ICSI is a procedure that can be used as part of an IVF (in vitro fertilisation) treatment. It was introduced in 1992 and since then has become the most successful technique in male infertility treatment. In ICSI only one sperm is needed per egg retrieved, which is injected directly into the egg. ICSI is now used in nearly half of all IVF treatments.
ICSI can offer real hope to couples where the male has a very low sperm count, has few swimming sperm, produces few good-quality sperm, has a problem with anti-sperm antibodies or where sperm DNA fragmentation levels are elevated.
With ICSI, sperm do not have to travel to the egg or penetrate the outer layers of the egg. It can also be used to help couples where the male has had an irreversible vasectomy, or has no sperm in his semen due to missing tubes or blockages in his reproductive organs.
Couples who have tried IVF can move on to ICSI if the eggs retrieved for IVF were unsuccessfully fertilised in vitro.
As with standard IVF treatment, the female will be given fertility drugs to stimulate her ovaries to develop several mature eggs for fertilisation (women normally release only one egg a month).
A sperm sample is produced. In patients where there is no sperm in his semen, the CRMW team can retrieve sperm from the male sugically. In most cases the sperm is extracted with a needle from the epididymis or a testicle under anaesthetic. If this doesn’t remove enough sperm, the doctor will take a biopsy of testicular tissue, which sometimes has sperm inside. Surgical sperm retrieval is sometimes performed before the treatment cycle begins, and the retrieved sperm are frozen.
After giving the woman a local anaesthetic, eggs are removed using a fine, hollow needle (an ultrasound helps locate the eggs.) The embryologist then isolates individual sperm and injects them into individual eggs. Next day the majoity of eggs will be fertilised.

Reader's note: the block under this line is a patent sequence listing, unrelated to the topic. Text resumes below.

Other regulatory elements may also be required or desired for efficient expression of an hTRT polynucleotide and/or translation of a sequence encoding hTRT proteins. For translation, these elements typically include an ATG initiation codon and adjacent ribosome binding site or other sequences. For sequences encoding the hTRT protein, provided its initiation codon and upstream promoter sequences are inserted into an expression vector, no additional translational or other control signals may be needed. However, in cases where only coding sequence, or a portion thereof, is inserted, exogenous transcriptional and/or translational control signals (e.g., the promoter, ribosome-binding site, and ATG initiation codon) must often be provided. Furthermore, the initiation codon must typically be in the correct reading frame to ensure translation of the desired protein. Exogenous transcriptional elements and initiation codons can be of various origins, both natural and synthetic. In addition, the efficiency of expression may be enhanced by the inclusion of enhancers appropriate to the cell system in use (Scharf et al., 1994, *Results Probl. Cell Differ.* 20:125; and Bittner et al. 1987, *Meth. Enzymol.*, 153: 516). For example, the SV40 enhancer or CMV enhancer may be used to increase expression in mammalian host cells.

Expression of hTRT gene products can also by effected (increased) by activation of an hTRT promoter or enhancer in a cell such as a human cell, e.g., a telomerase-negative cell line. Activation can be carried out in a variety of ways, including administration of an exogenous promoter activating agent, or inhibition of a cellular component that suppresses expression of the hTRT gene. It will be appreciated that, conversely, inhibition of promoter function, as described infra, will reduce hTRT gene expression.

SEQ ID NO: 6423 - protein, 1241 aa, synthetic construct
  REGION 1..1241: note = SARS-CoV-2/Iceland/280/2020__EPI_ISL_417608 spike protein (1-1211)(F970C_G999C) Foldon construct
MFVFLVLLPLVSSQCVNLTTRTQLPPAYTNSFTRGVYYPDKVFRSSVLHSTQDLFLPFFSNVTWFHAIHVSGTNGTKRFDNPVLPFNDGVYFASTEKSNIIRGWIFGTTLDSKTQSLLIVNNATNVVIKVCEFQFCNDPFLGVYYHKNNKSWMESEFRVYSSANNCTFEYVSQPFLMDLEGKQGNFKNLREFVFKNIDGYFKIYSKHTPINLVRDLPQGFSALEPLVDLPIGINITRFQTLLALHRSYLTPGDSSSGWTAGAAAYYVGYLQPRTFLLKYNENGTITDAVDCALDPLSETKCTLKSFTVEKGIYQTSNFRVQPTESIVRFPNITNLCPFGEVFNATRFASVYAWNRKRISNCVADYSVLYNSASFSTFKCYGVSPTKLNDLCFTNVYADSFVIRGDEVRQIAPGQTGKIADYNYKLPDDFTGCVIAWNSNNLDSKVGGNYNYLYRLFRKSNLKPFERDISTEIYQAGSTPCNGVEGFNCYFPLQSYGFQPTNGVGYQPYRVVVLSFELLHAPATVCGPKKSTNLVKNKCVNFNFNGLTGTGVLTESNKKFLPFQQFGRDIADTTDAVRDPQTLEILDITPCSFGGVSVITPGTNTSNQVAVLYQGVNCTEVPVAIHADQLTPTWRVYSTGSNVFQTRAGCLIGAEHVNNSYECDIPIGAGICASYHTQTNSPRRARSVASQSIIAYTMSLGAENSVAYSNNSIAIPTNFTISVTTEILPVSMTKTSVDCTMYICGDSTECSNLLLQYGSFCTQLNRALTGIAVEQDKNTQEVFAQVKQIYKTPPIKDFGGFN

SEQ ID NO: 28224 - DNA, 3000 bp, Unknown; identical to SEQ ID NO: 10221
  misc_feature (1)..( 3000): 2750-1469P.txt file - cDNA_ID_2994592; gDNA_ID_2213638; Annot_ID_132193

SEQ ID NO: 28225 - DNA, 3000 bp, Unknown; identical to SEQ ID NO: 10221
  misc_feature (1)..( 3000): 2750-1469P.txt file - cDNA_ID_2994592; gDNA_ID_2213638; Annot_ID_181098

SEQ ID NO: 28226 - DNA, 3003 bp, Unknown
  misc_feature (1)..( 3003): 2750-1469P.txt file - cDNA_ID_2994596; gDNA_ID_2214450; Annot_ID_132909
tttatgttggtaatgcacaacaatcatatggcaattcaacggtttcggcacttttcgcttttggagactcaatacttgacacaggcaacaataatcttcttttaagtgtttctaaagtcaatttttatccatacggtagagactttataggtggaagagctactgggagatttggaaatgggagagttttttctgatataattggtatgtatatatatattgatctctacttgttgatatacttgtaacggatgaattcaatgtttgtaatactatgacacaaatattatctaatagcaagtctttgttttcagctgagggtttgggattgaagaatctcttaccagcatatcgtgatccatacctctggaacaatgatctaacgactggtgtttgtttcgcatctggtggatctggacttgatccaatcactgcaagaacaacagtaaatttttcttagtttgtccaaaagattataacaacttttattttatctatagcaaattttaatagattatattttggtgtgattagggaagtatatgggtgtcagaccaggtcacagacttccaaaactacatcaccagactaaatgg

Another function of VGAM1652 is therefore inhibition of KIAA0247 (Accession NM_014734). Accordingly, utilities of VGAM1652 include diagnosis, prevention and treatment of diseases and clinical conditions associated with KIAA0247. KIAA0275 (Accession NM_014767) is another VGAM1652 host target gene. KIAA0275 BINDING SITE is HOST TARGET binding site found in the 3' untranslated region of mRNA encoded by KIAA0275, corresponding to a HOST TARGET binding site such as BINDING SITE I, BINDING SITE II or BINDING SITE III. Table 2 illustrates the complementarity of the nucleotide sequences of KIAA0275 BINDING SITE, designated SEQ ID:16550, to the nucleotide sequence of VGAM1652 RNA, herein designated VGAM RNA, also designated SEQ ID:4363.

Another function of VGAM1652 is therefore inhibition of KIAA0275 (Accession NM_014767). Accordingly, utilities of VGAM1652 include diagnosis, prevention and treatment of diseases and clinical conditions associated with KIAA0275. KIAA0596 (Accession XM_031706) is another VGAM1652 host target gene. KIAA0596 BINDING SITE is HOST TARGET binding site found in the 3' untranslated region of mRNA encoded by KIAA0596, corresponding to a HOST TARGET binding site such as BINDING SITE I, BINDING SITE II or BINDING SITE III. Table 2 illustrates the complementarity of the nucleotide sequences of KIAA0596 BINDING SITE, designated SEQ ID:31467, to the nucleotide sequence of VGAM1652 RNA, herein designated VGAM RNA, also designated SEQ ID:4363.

The procedure then follows the same steps as in IVF. One, two or occasionally three embryos are transferred into the woman’s uterus through her cervix using a thin catheter. Extra embryos, if there are any, may be frozen for future use.
This technique opens doors to parenthood that were previously closed to some couples with a male factor fertility problem. ICSI gives men with a very low sperm count or other fertility problems a chance of conceiving their genetic child.
It is possible to use immature sperm that have been retrieved from the man’s testicles so ICSI can be used, for example, to help men who have had a vasectomy that cannot be reversed.
ICSI can also be used to help couples with unexplained infertility, but experts have not found that it makes pregnancy more likely than standard IVF.
During normal conception, only the hardiest sperm manage to travel great distances and break through the membrane of an egg to fertilise it. Weaker sperm never make it. Because ICSI bypasses this process, critics worry about higher rates of miscarriage, and long-term health and development problems for children conceived using whatever sperm are available.
Research to date has been reassuring about most potential risks. No impact seen so far, for example, on the cognitive and motor skills of children conceived using ICSI. If you are at all concerned, talk to your consultant.
IMSI is similar to ICSI with the exception of being able to see sperm at 6000x magnification rather than the conventional 600x with ICSI. Digital magnification enables us to see sperm at extremely high magnification. This enables embryologists to be able to identify sperm defects that may not be visible with conventional ICSI.
Published data suggests that 3 groups of patients may benefit from the increased selection of sperm that IMSI offers. These groups are: